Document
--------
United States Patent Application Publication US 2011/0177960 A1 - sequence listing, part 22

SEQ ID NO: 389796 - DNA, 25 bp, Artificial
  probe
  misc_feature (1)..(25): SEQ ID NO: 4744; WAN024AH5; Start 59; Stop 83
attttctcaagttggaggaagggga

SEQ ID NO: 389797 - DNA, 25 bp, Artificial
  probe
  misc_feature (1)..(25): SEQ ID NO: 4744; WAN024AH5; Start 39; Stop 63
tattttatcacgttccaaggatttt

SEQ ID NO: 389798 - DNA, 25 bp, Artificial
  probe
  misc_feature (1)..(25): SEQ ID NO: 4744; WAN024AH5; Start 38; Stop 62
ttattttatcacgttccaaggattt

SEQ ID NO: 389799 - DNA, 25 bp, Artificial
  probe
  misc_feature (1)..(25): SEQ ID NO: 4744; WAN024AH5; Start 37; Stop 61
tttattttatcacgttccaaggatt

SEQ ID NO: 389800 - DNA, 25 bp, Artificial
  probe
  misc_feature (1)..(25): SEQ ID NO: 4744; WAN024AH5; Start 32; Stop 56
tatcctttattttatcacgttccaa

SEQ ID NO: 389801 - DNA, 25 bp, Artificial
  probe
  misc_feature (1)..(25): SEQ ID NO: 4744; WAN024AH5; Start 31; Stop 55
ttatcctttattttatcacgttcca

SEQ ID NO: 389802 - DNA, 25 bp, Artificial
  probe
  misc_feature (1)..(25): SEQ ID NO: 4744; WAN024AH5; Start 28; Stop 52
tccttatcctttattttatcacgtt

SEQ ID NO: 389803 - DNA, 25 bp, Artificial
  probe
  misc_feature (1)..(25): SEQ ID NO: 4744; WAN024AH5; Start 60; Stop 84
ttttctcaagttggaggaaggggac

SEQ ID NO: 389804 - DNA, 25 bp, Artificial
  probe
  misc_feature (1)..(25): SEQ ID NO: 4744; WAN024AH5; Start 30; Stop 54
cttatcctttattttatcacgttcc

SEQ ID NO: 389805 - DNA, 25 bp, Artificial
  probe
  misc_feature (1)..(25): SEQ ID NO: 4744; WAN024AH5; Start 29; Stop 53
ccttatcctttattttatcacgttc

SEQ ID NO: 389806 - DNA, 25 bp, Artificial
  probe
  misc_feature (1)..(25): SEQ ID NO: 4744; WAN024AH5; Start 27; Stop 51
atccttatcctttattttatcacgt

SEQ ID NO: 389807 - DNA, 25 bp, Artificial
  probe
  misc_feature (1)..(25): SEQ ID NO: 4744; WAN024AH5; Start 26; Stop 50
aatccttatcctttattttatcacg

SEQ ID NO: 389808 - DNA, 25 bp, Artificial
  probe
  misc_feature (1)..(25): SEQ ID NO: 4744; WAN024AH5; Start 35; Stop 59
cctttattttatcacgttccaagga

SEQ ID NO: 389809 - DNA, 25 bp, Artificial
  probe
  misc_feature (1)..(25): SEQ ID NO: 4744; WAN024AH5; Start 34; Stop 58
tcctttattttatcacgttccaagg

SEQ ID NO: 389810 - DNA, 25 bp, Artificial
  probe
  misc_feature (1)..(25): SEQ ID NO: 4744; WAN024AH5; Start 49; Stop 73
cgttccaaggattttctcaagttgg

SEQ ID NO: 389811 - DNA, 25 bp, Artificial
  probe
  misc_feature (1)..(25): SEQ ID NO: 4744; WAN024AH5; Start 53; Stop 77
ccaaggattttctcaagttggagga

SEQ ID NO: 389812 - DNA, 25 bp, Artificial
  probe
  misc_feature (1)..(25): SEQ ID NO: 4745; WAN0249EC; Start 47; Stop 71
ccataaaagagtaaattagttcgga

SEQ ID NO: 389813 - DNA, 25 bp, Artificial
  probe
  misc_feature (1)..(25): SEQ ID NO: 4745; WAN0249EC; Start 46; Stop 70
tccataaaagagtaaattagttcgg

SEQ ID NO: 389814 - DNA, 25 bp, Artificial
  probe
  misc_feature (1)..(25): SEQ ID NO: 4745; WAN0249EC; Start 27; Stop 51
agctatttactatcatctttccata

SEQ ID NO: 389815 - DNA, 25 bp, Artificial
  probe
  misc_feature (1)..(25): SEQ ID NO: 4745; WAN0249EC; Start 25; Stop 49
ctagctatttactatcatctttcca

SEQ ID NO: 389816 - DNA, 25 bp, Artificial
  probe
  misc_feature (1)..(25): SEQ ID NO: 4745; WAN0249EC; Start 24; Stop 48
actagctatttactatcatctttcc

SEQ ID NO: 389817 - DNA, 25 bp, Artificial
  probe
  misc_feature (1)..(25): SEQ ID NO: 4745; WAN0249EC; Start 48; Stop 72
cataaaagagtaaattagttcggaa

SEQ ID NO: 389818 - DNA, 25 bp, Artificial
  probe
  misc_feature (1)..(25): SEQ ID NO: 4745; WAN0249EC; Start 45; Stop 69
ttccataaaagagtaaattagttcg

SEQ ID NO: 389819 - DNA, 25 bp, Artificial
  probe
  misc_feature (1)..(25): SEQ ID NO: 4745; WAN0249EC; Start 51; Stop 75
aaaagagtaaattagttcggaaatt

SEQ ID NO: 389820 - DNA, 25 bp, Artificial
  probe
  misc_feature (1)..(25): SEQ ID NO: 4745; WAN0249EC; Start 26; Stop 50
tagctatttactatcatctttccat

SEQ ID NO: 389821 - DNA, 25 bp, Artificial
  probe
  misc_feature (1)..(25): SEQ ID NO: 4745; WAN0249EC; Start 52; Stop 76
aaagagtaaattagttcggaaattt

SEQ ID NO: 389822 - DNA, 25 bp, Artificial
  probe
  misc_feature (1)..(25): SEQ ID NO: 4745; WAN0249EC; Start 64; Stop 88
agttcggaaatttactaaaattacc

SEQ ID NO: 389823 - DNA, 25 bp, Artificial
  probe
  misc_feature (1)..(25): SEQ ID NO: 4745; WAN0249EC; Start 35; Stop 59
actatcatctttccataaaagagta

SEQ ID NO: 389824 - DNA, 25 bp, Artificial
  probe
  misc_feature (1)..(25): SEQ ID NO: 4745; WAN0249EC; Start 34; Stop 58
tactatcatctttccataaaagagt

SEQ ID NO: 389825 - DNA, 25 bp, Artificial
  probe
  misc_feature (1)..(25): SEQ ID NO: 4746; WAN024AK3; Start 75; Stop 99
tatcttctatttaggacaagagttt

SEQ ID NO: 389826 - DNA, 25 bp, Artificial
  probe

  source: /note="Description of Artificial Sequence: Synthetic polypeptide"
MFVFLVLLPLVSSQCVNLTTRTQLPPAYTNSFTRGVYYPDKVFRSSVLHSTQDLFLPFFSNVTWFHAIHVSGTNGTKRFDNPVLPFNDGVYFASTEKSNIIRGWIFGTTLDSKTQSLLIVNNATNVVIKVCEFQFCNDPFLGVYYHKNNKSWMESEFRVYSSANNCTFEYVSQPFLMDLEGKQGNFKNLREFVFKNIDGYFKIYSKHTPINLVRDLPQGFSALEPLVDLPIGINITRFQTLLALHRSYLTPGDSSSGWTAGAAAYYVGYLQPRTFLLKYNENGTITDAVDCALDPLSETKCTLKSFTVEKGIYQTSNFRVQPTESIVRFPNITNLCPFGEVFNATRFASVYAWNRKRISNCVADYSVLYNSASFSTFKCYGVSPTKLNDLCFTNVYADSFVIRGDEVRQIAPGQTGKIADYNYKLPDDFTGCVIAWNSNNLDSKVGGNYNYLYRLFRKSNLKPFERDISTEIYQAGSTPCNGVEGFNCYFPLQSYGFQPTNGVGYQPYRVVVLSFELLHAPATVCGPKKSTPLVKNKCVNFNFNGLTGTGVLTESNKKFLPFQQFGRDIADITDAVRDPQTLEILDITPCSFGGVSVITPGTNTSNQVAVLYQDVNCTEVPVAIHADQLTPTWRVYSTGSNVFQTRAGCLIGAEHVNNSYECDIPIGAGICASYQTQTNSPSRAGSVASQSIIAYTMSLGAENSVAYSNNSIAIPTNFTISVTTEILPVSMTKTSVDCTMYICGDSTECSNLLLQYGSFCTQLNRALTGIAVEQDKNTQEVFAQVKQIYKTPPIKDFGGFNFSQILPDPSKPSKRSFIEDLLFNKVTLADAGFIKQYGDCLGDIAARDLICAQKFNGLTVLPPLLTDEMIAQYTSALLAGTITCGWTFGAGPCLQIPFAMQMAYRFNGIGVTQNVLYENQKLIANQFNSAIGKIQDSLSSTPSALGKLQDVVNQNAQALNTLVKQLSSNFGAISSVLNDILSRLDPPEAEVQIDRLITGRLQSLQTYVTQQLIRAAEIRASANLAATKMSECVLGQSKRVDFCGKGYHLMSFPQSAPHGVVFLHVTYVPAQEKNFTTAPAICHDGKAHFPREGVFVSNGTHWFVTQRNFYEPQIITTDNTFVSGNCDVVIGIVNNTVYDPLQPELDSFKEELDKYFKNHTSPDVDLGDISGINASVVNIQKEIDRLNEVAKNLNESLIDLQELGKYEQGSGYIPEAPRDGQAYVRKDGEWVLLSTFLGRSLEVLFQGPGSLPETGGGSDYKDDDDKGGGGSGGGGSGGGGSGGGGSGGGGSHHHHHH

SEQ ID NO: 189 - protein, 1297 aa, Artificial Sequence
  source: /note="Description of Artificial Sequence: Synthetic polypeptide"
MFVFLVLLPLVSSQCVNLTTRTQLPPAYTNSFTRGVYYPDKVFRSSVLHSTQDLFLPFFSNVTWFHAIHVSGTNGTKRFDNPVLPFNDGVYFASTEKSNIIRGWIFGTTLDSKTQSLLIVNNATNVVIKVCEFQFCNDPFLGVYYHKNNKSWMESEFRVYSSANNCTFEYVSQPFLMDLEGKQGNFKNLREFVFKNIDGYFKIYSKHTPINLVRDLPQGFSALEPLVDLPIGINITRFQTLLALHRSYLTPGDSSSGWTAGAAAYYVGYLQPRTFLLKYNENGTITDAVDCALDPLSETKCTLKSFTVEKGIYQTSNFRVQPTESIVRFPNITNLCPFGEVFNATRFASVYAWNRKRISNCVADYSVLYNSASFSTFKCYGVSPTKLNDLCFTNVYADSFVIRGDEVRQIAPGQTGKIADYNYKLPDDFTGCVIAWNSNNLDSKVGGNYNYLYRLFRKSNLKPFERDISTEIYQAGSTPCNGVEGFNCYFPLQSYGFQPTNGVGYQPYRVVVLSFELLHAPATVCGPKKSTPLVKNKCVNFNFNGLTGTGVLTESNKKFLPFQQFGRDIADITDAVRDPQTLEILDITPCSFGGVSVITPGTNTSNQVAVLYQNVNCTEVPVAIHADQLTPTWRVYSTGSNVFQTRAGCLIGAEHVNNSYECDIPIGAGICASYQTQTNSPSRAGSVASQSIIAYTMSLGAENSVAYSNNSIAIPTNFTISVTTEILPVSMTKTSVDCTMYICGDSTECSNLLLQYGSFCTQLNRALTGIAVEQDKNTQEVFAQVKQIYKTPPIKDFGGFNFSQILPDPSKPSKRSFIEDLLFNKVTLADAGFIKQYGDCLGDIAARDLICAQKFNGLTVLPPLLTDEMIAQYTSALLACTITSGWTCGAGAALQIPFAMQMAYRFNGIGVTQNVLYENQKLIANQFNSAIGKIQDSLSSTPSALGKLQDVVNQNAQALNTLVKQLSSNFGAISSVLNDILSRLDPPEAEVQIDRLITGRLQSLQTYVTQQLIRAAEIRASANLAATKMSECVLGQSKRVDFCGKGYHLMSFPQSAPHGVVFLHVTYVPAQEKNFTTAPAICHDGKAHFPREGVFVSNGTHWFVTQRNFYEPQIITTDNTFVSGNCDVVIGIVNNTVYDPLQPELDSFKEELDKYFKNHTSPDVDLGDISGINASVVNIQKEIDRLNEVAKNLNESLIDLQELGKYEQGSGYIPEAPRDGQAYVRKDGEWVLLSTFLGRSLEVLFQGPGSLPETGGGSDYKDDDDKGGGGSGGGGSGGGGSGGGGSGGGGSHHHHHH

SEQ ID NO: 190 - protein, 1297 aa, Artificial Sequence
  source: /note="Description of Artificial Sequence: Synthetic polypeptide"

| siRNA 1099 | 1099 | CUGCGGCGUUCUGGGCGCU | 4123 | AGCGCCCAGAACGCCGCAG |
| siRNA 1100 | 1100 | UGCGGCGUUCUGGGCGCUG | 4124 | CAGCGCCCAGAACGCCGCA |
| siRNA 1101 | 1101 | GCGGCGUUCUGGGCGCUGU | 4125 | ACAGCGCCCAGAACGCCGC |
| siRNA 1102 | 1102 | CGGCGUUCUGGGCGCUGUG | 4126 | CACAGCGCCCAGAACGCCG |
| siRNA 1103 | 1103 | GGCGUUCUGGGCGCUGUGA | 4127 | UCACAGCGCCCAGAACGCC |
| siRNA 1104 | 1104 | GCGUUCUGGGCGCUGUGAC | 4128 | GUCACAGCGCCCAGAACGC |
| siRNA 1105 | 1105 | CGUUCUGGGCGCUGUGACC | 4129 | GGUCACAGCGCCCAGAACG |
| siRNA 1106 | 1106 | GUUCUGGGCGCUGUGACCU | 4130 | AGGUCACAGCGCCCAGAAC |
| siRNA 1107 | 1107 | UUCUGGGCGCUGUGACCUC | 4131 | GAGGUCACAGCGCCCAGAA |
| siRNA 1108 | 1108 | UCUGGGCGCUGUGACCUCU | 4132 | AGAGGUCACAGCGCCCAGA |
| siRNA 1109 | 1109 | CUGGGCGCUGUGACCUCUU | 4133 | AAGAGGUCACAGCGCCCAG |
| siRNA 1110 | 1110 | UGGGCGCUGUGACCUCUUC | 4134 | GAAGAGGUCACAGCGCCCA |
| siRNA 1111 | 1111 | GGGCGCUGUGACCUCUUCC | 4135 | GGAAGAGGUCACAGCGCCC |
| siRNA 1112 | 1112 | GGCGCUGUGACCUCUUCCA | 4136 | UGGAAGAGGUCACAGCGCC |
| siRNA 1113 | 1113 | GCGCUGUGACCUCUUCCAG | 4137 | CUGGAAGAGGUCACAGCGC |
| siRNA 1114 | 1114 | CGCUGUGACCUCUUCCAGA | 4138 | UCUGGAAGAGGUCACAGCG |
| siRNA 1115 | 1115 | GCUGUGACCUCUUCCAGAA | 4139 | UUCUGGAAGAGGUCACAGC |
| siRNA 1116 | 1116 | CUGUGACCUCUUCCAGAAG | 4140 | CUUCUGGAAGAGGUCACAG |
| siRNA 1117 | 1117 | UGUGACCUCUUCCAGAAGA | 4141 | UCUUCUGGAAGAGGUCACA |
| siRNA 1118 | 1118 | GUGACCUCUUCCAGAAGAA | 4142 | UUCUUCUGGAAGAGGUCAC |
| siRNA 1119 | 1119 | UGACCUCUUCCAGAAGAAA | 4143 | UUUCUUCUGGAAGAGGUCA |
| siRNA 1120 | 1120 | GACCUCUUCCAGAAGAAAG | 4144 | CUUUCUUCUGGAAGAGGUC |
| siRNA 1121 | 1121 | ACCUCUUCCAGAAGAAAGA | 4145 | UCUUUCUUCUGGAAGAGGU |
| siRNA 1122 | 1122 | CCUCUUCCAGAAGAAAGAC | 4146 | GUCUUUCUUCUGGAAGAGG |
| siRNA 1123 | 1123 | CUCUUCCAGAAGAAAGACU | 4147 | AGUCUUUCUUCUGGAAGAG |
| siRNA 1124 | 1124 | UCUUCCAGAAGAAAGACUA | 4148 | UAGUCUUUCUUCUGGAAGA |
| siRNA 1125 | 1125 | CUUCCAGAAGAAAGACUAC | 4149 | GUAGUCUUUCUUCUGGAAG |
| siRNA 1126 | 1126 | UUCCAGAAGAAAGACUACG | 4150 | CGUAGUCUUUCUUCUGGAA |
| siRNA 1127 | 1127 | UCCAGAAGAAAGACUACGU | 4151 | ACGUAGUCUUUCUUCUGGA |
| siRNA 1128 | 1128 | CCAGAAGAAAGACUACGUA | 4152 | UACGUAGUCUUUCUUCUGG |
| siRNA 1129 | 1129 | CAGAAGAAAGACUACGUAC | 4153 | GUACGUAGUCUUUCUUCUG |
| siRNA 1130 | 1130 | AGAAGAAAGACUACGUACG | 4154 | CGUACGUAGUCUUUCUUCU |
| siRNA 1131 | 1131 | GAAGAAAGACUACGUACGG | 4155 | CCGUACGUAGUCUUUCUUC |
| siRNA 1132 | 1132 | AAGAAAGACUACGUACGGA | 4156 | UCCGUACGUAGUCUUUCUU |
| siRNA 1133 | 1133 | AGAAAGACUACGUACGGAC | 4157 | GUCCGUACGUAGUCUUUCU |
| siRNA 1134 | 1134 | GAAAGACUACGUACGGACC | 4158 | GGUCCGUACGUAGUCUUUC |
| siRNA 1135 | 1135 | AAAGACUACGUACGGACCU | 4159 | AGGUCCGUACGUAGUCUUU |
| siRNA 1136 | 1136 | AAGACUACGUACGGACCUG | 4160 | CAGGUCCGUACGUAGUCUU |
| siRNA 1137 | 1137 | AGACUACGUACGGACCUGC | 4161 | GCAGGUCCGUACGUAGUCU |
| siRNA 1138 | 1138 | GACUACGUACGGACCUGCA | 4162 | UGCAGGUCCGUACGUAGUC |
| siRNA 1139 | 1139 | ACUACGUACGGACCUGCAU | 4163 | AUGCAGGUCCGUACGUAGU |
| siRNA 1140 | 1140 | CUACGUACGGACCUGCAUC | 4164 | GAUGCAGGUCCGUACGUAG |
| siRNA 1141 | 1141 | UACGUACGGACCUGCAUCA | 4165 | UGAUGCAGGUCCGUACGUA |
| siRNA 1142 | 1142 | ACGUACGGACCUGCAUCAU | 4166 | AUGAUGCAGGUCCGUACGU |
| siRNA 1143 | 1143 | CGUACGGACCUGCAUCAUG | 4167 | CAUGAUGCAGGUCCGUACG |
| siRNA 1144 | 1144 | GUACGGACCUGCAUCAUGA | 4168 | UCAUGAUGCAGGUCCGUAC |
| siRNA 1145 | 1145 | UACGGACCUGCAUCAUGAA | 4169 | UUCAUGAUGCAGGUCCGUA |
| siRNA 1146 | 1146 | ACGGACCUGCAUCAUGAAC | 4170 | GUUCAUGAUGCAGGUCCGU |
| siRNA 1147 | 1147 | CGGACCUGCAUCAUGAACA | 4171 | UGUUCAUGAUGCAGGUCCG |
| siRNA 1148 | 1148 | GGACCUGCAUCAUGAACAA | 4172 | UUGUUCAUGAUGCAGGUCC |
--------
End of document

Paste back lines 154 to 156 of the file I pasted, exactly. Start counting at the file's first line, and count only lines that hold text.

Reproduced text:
| siRNA 1122 | 1122 | CCUCUUCCAGAAGAAAGAC | 4146 | GUCUUUCUUCUGGAAGAGG |
| siRNA 1123 | 1123 | CUCUUCCAGAAGAAAGACU | 4147 | AGUCUUUCUUCUGGAAGAG |
| siRNA 1124 | 1124 | UCUUCCAGAAGAAAGACUA | 4148 | UAGUCUUUCUUCUGGAAGA |